Home-immediately access 800+ free online publications. Download CD3WD (680 Megabytes) and distribute it to the 3rd World. CD3WD is a 3rd World Development private-sector initiative, mastered by Software Developer Alex Weir and hosted by GNUveau_Networks (From globally distributed organizations, to supercomputers, to a small home server, if it's Linux, we know it.)ar.cn.de.en.es.fr.id.it.ph.po.ru.sw

Traditional storage of yams and cassava and its improvement


90 pages

Table of contents


JOCHEN KNOTH
Cover: photo K. Gaesing

Published in 1993 by:

GTZ-Postharvest Project
Pickhuben 4
D-20457 Hamburg

a project of technical assistance carried out by:

Deutsche Gesellschaft für Technische Zusammenarbeit (GTZ) GmbH
Postfach 5180
D-65726
Federal Republic of Germany

© 1993 GTZ

The copyright of this publication is vested in the Deutsche Gesellschaft fuer Technische Zusammenarbeit (GTZ) GmbH. Applications for permissions to reproduce this publication, in whole or in part, by any method or process, should be addressed, with a statement of purpose and extend of the reproduction desired, to GTZ - Stabsstelle 01, Postfach 5180, D-65726 Eschborn, Germany


Contents


Preface

1 Introduction

2 Socio-cultural aspects involved in the production of roots and tubers

3 Basic comments on the storage properties of roots and tubers

4 Yams

4.1 The environmental requirements of yams
4.2 The yam tuber
4.3 Farm-economic aspects of yam production
4.4 Yam harvesting
4.5 Causes of storage losses for yams
4.5.1 Dormancy
4.5.2 Transpiration
4.5.3 Respiration
4.5.4 Germination
4.5.5 Rot due to mould and bacteriosis
4.5.6 Nematodes
4.5.7 Insects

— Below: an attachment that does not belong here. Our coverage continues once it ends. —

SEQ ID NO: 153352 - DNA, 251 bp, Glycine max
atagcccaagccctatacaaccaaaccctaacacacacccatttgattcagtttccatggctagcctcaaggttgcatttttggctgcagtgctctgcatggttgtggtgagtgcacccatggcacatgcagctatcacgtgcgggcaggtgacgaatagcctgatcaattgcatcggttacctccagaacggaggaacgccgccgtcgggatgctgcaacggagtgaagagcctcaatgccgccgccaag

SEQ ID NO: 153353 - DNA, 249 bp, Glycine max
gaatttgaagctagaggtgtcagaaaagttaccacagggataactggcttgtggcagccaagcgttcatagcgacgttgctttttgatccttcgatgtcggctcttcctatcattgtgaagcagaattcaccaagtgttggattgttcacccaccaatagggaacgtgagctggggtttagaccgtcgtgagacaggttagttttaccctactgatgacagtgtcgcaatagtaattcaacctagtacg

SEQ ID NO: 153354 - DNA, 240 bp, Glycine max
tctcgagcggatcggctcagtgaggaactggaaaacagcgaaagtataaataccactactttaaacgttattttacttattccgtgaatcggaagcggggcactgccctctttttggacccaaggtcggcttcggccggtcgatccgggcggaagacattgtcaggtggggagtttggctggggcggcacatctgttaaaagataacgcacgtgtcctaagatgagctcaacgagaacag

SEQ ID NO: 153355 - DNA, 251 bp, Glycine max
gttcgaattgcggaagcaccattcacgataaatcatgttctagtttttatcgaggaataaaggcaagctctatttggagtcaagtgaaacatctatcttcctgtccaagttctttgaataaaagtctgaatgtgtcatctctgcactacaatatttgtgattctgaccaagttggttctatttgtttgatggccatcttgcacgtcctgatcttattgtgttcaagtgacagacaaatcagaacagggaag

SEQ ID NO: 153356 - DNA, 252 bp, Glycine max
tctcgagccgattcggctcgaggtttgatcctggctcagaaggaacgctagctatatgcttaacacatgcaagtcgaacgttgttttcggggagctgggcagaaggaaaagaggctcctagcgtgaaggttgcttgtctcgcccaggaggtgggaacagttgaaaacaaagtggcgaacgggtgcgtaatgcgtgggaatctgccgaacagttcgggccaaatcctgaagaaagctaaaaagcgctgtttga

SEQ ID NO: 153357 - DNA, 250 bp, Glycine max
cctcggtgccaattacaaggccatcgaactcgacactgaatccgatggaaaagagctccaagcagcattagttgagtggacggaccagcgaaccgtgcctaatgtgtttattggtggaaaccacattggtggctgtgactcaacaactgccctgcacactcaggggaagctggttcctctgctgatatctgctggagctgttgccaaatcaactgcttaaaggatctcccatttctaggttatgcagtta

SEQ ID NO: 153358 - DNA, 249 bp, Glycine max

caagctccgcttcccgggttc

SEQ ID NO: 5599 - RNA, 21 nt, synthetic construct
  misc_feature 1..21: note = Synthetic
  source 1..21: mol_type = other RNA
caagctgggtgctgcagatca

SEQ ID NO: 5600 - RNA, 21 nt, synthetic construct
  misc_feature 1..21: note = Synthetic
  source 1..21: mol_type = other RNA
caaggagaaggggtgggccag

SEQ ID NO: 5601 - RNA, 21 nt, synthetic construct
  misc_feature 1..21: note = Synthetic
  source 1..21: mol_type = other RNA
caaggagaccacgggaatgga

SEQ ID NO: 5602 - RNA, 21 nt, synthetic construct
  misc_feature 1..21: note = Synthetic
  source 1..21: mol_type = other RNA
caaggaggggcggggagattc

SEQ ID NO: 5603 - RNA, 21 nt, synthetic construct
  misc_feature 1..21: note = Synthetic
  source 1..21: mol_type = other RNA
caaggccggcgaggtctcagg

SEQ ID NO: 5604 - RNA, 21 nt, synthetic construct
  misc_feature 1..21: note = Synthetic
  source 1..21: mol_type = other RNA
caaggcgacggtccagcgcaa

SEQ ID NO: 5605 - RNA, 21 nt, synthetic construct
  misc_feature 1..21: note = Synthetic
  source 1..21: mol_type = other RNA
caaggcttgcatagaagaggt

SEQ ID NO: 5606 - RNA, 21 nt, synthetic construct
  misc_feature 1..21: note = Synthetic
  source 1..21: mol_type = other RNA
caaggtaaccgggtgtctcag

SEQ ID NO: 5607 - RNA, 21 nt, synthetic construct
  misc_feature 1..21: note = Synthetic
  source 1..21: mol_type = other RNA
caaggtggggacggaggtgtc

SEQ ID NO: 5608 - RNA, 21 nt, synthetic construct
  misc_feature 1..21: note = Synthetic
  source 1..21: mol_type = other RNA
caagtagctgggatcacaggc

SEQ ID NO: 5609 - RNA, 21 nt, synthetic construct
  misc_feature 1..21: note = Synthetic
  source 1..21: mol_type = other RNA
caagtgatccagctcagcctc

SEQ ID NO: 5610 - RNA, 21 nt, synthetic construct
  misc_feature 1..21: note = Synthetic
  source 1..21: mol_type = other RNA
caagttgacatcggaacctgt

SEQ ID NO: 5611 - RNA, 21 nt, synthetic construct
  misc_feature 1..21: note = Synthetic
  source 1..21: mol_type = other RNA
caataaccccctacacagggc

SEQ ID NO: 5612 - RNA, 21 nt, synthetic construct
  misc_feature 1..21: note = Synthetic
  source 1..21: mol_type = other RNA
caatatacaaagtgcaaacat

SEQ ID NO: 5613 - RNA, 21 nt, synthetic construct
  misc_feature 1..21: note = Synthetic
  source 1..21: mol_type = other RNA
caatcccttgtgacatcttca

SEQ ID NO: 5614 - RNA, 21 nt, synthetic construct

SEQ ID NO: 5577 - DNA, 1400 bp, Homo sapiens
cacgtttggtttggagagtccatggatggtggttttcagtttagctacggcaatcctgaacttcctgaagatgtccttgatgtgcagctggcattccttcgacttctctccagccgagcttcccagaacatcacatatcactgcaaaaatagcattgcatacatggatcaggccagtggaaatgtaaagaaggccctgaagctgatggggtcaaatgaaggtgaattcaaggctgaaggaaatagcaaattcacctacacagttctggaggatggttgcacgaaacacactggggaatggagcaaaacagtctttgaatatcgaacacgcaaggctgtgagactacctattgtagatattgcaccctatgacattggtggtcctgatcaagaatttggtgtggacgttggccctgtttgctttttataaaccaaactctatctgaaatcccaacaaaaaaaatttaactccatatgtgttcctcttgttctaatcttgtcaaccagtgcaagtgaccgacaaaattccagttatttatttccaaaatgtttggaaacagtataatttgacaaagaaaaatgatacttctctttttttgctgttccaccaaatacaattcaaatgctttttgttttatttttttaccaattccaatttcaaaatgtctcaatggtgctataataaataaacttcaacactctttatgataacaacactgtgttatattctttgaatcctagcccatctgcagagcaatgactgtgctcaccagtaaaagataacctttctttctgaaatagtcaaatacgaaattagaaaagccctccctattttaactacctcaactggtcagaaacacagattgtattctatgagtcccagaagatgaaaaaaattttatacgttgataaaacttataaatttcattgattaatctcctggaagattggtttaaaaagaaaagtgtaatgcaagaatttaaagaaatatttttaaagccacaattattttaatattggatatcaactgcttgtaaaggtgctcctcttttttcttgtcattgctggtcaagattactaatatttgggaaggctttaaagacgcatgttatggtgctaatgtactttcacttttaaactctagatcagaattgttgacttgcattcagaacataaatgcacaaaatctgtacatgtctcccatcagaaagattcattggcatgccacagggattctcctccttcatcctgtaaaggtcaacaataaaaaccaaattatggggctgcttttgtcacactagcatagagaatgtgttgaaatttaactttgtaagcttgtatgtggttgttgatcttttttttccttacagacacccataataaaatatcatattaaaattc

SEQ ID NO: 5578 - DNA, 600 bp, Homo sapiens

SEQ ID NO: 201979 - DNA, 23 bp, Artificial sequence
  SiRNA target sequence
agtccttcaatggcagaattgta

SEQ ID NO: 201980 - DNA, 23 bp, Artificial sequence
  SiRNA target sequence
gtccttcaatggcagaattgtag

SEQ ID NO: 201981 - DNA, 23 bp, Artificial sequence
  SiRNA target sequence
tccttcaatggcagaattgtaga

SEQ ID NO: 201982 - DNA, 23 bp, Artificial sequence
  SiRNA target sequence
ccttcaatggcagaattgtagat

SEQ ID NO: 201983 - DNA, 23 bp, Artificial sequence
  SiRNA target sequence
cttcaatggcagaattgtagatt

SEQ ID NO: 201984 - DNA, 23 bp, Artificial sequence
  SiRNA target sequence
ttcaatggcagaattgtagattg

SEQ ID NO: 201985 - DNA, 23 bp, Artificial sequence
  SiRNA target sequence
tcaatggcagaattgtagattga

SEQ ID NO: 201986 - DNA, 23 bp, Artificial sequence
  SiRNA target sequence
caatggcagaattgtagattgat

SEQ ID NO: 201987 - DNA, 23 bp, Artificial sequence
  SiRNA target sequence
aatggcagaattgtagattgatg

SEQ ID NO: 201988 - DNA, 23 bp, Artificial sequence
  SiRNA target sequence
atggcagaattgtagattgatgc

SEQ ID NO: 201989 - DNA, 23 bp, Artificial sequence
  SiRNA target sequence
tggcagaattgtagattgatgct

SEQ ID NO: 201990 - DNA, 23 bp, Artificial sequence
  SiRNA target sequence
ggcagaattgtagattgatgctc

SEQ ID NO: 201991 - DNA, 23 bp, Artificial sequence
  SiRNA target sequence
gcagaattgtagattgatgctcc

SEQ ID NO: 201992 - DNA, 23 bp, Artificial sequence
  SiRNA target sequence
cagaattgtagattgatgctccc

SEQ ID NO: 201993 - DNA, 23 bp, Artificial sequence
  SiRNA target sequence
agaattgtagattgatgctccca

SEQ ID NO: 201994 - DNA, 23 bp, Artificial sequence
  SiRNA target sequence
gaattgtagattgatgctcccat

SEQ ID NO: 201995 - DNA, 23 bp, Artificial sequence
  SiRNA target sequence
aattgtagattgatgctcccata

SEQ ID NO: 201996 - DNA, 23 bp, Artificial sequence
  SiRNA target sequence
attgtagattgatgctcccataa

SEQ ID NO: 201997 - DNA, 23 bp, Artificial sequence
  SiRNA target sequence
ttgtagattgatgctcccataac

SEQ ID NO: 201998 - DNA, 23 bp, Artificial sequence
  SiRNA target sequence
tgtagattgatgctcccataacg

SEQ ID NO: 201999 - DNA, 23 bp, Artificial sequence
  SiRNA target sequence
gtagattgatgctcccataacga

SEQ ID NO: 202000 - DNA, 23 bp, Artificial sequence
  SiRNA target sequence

4.5.8 Mammals

4.6 Traditional storage systems for fresh yams

4.6.1 Leaving the yam tubers in the ridges after maturity
4.6.2 Storing the yam tubers in trench silos
4.6.3 Storage of yam tubers in heaps on the ground
4.6.4 Storage of yam tubers in clamp silos
4.6.5 Storage of yam tubers under a conical protective roof made of maize or millet stalks
4.6.6 storage of yam tubers in mud huts
4.6.7 The storage of yam tubers in the yam barn.

4.7 Measures to improve traditional yam storage

4.7.1 Care in harvesting transport and storage
4.7.2 Curing
4.7.3 Influencing dormancy
4.7.4 Influencing the storage climate
4.7.5 Control of rot
4.7.6 Control of nematodes
4.7.7 Control of insects damaging stored produce
4.7.8 Measures for protection from mammals
4.7.9 The improved traditional yam barn

5 Cassava

5.1 The environmental requirements of cassava
5.2 The cassava root
5.3 Economic aspects of cassava production
5.4 Causes of limitations to storage for fresh cassava roots
5.5 Ways of and limits to storing fresh cassava roots
5.5.1 Storing cassava roots in the soil after maturity
5.5.2 Traditional methods of storing fresh cassava roots
5.5.3 Storage of fresh cassava roots in clamp silos
5.5.4 Storing fresh cassava roots in crates
5.5.5 Storing fresh cassava roots in a dip
5.5.6 Storing fresh cassava roots in plastic bags
5.5.7 Use of modern methods to store fresh cassava roots
5.5.8 Measures to prepare fresh cassava roots for storage
5.5.9 Suitability of storage systems for fresh cassava roots on a small farmholder level

5.6 The processing of cassava roots

5.6.1 The purpose of processing
5.6.2 Hydrogen cyanide and its release
5.6.3 The production of cassava chips

6 Summary

7 Bibliography